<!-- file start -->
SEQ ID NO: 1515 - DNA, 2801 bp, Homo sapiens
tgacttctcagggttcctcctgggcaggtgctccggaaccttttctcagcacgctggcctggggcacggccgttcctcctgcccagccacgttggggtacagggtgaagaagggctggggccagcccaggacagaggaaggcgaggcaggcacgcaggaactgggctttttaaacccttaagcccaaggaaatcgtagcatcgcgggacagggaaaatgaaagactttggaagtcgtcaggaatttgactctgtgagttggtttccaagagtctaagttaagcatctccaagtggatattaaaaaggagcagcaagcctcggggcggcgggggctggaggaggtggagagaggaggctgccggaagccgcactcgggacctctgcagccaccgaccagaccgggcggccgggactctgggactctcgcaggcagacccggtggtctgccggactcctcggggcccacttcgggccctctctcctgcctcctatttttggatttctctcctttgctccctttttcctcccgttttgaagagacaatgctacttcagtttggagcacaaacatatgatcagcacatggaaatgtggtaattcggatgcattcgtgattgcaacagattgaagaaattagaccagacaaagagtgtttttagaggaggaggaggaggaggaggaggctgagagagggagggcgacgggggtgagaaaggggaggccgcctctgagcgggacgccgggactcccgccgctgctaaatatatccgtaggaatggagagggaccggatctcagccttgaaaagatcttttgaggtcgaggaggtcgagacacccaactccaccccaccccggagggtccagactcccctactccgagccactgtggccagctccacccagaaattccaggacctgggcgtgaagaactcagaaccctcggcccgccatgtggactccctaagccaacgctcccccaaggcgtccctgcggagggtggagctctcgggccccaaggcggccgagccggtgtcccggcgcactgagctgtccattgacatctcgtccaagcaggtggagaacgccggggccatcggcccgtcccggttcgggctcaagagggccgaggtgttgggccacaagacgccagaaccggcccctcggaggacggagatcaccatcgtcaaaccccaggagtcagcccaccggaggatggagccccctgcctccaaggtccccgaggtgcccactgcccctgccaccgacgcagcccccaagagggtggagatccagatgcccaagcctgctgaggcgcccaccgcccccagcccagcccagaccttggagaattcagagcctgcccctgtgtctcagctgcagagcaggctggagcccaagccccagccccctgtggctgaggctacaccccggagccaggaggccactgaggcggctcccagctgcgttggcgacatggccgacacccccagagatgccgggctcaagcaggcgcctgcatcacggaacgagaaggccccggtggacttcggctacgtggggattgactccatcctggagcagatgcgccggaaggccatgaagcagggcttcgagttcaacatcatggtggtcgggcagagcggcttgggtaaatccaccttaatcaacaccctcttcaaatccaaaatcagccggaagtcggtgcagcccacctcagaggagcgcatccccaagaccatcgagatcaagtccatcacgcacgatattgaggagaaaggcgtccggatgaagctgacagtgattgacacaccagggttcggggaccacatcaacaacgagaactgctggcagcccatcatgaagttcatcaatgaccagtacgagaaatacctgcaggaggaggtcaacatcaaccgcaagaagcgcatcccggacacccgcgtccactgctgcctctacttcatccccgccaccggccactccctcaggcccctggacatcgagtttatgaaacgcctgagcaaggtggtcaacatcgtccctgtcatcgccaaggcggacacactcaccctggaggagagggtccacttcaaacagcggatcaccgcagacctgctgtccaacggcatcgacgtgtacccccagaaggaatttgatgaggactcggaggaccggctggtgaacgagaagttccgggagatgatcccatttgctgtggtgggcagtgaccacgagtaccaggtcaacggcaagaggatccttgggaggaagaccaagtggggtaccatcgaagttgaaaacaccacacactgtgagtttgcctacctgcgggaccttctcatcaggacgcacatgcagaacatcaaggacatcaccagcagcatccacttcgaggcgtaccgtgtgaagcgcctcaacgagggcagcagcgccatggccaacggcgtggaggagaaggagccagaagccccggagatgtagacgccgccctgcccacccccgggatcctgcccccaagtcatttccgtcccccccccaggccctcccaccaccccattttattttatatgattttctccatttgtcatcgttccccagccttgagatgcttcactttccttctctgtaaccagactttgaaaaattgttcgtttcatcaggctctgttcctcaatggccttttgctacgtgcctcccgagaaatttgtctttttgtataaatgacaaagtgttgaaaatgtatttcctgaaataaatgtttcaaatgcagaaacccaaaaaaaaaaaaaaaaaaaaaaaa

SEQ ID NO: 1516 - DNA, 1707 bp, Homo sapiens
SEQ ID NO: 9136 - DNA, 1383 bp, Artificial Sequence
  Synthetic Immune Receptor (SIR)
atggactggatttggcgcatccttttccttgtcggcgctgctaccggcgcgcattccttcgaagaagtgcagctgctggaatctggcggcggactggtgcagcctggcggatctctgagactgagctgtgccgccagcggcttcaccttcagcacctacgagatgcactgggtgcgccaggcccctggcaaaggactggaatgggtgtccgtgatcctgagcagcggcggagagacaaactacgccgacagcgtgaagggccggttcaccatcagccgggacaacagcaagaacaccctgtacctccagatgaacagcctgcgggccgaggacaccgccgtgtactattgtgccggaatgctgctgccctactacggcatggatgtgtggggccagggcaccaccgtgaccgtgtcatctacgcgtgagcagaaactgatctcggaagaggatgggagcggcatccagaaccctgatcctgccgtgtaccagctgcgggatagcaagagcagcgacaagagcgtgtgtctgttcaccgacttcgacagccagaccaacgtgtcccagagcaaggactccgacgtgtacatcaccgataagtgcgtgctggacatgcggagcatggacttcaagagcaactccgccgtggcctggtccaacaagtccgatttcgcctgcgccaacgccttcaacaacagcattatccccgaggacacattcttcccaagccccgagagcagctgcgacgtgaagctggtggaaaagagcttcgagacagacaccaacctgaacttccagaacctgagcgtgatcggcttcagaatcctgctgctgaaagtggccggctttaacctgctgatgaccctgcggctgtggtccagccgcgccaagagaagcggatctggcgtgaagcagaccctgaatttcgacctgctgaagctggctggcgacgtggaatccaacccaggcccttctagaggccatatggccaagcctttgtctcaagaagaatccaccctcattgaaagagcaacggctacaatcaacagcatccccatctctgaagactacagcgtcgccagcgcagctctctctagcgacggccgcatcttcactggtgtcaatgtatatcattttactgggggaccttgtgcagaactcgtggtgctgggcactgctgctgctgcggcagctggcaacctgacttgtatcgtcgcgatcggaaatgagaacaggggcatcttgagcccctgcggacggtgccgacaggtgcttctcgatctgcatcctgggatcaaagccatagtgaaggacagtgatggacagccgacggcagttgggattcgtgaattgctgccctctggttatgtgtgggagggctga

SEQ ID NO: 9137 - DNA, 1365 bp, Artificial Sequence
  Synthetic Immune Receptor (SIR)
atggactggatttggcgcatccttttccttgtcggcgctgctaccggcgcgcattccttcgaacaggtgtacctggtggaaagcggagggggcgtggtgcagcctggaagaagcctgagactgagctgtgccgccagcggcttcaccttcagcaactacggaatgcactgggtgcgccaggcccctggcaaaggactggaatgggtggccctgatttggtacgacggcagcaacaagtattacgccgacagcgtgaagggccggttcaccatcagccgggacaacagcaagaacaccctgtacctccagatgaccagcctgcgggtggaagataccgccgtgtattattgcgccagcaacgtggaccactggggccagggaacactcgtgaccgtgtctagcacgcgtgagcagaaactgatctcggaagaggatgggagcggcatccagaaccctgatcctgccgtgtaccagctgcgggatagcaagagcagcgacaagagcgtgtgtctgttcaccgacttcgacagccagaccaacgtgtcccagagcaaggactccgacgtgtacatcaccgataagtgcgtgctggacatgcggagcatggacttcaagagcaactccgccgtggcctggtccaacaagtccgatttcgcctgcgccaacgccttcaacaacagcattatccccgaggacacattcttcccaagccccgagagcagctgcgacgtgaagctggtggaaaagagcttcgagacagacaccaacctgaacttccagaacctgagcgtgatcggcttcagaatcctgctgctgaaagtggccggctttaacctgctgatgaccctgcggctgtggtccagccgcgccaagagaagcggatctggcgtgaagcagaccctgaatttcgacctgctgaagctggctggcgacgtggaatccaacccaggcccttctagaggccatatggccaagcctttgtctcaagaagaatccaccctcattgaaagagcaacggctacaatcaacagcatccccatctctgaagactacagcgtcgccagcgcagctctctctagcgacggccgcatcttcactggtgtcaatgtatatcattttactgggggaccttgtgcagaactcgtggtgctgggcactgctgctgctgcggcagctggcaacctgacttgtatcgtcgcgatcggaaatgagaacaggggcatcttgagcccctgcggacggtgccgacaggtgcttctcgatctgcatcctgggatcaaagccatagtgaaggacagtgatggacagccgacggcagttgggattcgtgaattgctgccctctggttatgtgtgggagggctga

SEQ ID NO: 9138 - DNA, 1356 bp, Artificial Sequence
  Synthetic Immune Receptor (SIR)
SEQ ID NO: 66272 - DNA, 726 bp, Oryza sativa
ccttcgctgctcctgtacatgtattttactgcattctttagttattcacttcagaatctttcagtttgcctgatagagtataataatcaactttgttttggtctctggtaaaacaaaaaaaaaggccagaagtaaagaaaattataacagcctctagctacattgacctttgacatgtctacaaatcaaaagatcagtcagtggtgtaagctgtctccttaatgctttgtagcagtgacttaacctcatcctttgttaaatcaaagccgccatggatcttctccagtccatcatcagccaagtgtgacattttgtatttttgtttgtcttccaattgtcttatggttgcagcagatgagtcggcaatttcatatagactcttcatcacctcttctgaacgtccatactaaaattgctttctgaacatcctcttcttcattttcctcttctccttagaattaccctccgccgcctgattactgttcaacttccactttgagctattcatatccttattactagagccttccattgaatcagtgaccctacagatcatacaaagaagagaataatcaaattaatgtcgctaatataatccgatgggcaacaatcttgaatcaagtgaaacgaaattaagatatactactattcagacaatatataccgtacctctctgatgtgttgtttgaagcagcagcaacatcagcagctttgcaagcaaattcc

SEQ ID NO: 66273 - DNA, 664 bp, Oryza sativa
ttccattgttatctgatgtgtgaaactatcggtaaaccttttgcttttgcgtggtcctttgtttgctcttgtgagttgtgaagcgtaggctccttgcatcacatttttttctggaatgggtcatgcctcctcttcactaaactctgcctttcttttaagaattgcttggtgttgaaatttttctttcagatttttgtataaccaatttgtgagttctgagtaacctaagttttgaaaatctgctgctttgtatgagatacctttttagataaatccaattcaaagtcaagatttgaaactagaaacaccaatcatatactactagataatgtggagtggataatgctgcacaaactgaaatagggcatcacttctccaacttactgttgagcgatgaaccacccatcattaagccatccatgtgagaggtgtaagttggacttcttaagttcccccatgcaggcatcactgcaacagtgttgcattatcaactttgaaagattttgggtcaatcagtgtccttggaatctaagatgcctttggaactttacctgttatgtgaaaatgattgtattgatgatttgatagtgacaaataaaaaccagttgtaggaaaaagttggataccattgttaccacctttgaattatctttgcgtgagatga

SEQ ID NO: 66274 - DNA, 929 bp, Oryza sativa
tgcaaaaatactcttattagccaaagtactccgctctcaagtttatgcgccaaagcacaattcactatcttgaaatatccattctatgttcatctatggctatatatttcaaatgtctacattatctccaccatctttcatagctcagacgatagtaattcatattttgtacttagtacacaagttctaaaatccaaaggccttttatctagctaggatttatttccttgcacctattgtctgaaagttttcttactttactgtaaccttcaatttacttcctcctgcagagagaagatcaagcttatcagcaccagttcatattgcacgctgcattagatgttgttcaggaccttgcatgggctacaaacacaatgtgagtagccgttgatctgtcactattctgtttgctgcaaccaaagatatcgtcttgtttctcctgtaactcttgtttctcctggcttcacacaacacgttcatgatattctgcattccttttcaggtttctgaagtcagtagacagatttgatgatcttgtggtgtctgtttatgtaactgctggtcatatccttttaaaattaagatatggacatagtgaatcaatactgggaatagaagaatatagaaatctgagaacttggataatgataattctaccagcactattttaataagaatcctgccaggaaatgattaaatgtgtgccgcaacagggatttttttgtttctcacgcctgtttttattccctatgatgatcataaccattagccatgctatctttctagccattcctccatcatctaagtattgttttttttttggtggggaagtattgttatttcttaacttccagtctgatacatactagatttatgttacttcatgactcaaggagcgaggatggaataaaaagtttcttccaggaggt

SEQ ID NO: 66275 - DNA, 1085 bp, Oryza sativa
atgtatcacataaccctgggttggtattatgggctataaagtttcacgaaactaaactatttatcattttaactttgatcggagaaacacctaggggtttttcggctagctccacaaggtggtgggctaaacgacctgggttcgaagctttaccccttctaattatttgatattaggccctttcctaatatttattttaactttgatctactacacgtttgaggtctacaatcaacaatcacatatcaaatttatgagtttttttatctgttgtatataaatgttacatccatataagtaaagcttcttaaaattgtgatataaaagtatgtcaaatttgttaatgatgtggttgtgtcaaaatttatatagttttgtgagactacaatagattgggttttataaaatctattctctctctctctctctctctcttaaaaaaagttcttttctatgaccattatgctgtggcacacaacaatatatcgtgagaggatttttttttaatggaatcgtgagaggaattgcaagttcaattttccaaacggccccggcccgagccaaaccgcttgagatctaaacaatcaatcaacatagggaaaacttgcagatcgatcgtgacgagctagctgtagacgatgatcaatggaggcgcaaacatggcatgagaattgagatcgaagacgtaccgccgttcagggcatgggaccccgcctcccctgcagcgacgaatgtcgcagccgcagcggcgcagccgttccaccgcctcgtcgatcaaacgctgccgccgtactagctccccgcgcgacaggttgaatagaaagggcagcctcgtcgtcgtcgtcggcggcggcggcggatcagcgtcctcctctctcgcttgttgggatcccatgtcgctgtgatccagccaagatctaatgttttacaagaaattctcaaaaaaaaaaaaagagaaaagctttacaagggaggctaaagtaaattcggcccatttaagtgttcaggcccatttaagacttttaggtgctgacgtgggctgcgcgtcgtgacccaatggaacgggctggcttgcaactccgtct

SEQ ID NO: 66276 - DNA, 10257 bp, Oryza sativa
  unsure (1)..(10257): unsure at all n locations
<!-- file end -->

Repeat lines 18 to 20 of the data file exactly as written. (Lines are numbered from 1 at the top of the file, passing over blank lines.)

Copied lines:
SEQ ID NO: 66275 - DNA, 1085 bp, Oryza sativa
atgtatcacataaccctgggttggtattatgggctataaagtttcacgaaactaaactatttatcattttaactttgatcggagaaacacctaggggtttttcggctagctccacaaggtggtgggctaaacgacctgggttcgaagctttaccccttctaattatttgatattaggccctttcctaatatttattttaactttgatctactacacgtttgaggtctacaatcaacaatcacatatcaaatttatgagtttttttatctgttgtatataaatgttacatccatataagtaaagcttcttaaaattgtgatataaaagtatgtcaaatttgttaatgatgtggttgtgtcaaaatttatatagttttgtgagactacaatagattgggttttataaaatctattctctctctctctctctctctcttaaaaaaagttcttttctatgaccattatgctgtggcacacaacaatatatcgtgagaggatttttttttaatggaatcgtgagaggaattgcaagttcaattttccaaacggccccggcccgagccaaaccgcttgagatctaaacaatcaatcaacatagggaaaacttgcagatcgatcgtgacgagctagctgtagacgatgatcaatggaggcgcaaacatggcatgagaattgagatcgaagacgtaccgccgttcagggcatgggaccccgcctcccctgcagcgacgaatgtcgcagccgcagcggcgcagccgttccaccgcctcgtcgatcaaacgctgccgccgtactagctccccgcgcgacaggttgaatagaaagggcagcctcgtcgtcgtcgtcggcggcggcggcggatcagcgtcctcctctctcgcttgttgggatcccatgtcgctgtgatccagccaagatctaatgttttacaagaaattctcaaaaaaaaaaaaagagaaaagctttacaagggaggctaaagtaaattcggcccatttaagtgttcaggcccatttaagacttttaggtgctgacgtgggctgcgcgtcgtgacccaatggaacgggctggcttgcaactccgtct

SEQ ID NO: 66276 - DNA, 10257 bp, Oryza sativa